Australia Wants to Calm Investors Over Coal Ban

Australia wanted to calm investors on Friday about the state of bilateral ties with China subsequent a prohibition on coal imports at the northern port of Dalian, as coal stocks tumbled and the local dollar stayed under pressure.

Australia Pile of Coal at a Coal Mine.

The Australian currency plunged above 1 percent to a 10-day low of $0.7070 after a news agency reported that customs at the Chinese port had banned imports of Australia’s largest export earner since the beginning of February.

China is the biggest purchaser of Australian coal, taking 89 million tonnes last year, worth a $15 billion ($10.7 billion), according to information from the Australian Bureau of Statistics (ABS).

Ties between the two countries were strained in 2017 when Canberra accused Beijing of interfering in its local affairs, and the relationship suffered another issue a year ago when Australia banned China’s Huawei from its 5G broadband network.

Australia has asked its ambassador to China, Jan Adams, to seek urgent clarification, the government said, while legislators and the central bank said the port move might not be connected to bilateral ties.

“I wouldn’t jump yet to the conclusion that this is something directed to Australia,” Reserve Bank of Australia Governor Philip Lowe told a parliamentary economics committee.

“It may well turn out to be that it’s being driven by concerns about the environment in China and the profitability of the coking coal industry in China,” he said in response to lawmakers’ questions.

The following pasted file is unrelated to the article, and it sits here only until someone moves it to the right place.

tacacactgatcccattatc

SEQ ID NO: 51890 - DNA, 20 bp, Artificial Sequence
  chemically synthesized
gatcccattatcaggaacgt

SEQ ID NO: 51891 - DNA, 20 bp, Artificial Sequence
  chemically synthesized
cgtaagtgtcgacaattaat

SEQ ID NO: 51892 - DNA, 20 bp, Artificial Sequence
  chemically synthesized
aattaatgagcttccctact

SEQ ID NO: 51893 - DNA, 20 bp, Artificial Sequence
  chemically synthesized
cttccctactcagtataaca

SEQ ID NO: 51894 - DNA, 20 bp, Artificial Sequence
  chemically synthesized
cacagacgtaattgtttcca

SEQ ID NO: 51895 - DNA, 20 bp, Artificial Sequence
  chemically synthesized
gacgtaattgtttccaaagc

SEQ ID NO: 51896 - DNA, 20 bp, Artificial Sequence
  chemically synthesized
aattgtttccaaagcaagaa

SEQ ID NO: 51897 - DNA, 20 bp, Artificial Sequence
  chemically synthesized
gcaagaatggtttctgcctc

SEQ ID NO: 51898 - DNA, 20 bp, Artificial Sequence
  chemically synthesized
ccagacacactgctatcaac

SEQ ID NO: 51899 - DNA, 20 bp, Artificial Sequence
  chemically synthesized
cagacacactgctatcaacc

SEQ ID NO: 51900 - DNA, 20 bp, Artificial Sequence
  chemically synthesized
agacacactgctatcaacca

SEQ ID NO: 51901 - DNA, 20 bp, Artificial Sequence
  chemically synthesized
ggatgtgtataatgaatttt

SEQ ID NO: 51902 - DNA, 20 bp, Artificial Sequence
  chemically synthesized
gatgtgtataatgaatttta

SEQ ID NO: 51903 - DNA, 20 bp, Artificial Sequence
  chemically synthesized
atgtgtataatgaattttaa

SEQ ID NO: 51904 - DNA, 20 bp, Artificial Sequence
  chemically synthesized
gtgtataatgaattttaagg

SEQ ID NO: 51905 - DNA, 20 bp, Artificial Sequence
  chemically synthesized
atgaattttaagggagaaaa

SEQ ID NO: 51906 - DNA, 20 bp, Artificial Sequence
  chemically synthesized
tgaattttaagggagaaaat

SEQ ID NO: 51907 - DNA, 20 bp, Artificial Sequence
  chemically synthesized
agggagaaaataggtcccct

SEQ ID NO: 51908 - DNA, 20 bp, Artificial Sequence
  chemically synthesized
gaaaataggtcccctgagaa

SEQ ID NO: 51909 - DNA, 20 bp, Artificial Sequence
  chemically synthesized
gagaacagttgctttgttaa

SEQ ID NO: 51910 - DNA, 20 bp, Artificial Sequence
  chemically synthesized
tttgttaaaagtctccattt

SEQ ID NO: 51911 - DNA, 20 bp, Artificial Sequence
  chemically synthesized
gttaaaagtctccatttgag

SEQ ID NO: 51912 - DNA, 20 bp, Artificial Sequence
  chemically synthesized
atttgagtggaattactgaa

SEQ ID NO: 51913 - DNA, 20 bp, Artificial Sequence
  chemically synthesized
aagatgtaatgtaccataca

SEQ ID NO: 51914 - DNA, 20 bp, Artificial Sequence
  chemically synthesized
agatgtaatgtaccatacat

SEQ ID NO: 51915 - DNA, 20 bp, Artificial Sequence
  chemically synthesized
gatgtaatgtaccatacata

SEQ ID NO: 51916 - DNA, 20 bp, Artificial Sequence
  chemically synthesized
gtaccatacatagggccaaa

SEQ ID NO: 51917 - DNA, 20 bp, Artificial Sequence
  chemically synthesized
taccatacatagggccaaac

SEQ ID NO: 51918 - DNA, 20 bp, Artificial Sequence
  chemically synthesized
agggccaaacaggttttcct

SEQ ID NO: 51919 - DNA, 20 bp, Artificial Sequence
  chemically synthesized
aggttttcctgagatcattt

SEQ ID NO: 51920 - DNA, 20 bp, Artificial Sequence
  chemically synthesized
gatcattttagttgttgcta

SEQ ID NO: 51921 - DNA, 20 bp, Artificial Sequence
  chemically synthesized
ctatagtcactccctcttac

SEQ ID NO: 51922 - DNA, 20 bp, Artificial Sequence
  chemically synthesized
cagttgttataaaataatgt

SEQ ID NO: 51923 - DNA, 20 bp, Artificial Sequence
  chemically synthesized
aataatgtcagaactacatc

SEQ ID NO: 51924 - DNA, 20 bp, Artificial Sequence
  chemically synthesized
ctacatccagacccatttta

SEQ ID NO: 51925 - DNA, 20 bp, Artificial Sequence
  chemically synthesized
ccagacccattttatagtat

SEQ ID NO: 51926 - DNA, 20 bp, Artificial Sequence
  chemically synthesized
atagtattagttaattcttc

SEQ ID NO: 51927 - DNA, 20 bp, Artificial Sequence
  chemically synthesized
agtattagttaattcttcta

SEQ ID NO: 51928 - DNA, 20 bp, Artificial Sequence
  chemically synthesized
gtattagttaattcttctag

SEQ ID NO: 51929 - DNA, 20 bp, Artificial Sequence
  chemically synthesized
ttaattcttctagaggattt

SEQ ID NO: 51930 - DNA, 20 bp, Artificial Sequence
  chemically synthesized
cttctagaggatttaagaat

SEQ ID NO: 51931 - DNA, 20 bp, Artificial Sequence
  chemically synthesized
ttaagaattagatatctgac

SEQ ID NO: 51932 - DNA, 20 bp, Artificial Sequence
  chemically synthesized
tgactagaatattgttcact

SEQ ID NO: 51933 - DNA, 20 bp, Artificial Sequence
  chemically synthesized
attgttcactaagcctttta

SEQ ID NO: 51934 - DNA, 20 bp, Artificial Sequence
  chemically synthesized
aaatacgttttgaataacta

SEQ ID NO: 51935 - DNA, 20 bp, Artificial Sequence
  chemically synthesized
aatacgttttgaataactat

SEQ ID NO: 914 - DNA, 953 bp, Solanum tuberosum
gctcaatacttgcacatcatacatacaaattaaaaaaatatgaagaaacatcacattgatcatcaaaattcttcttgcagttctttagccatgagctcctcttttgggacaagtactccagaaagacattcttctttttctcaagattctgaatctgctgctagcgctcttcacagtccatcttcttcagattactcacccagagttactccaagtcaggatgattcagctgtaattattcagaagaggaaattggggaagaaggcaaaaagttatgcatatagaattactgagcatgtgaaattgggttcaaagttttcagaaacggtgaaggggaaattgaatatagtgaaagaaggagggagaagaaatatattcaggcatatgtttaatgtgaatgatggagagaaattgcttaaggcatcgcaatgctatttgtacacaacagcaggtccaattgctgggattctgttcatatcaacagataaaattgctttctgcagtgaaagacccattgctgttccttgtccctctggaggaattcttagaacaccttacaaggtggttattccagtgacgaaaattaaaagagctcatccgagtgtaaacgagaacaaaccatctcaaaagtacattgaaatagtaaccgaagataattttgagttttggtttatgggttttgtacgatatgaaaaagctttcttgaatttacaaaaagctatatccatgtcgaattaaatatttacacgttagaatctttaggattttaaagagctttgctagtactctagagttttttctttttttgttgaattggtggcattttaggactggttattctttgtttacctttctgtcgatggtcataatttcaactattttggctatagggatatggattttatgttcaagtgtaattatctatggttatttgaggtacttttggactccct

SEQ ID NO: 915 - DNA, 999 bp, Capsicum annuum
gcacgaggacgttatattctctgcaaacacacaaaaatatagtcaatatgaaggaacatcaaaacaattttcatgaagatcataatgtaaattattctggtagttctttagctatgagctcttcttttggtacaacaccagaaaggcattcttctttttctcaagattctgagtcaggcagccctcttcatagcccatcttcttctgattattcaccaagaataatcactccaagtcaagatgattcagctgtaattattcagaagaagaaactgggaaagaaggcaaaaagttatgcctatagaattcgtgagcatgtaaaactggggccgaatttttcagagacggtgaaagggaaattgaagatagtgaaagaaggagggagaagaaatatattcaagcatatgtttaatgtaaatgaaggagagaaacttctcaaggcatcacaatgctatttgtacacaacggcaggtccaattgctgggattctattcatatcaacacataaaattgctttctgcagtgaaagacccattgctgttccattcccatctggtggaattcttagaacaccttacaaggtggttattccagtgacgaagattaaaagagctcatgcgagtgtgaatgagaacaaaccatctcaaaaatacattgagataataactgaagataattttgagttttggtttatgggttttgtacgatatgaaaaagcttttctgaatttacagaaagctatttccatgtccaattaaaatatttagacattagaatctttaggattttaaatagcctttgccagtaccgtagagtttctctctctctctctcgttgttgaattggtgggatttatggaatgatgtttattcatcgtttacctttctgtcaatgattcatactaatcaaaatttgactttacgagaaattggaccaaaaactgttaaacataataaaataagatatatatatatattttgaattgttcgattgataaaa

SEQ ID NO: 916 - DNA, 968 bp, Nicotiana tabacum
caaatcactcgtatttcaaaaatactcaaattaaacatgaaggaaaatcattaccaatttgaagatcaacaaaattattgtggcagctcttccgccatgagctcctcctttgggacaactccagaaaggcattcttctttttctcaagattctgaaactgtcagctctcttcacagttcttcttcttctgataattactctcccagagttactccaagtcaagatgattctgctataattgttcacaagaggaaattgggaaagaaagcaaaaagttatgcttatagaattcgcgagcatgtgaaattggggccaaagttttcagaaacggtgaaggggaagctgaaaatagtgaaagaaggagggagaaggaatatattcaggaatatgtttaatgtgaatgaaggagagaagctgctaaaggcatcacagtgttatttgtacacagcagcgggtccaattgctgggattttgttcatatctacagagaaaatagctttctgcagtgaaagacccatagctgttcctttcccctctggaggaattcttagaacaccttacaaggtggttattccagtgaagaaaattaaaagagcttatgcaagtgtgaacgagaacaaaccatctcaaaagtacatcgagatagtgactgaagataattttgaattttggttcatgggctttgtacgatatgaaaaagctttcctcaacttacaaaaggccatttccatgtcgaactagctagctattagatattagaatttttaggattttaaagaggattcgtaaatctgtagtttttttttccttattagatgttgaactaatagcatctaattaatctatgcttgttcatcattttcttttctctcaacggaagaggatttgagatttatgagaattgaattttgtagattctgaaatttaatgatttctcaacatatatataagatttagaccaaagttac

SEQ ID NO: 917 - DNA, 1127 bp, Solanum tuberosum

Shares in Australian coal miners, however, dropped at the open on Friday in the midst of wide weakness in the resources sector.

Stanmore Coal plunged more than 7 percent at one point as it said was monitoring the situation to determine whether there would be any influence on its coal sales.

New Hope Corp tumbled over 4 percent, while shares in Whitehaven were down more than 4 percent and Yancoal more than 3 percent although both miners said they were not impacted directly.

Major coal producer Glencore ended down 3.2 percent in London overnight, but BHP Group, Australia’s largest metcoal manufacturer, was down just 0.1 percent.

“When decisions like this have been made in the past at local port level, it was related to domestic supply related issues, environmental issues at a local level,” Mathias Cormann, Minister for Finance told Sky News.

“It was unrelated with anything to do with the bilateral relationship between Australia and China.”

A Chinese foreign ministry spokesperson said that customs were inspecting and testing coal imports for security and quality, and the move was “completely normal”.

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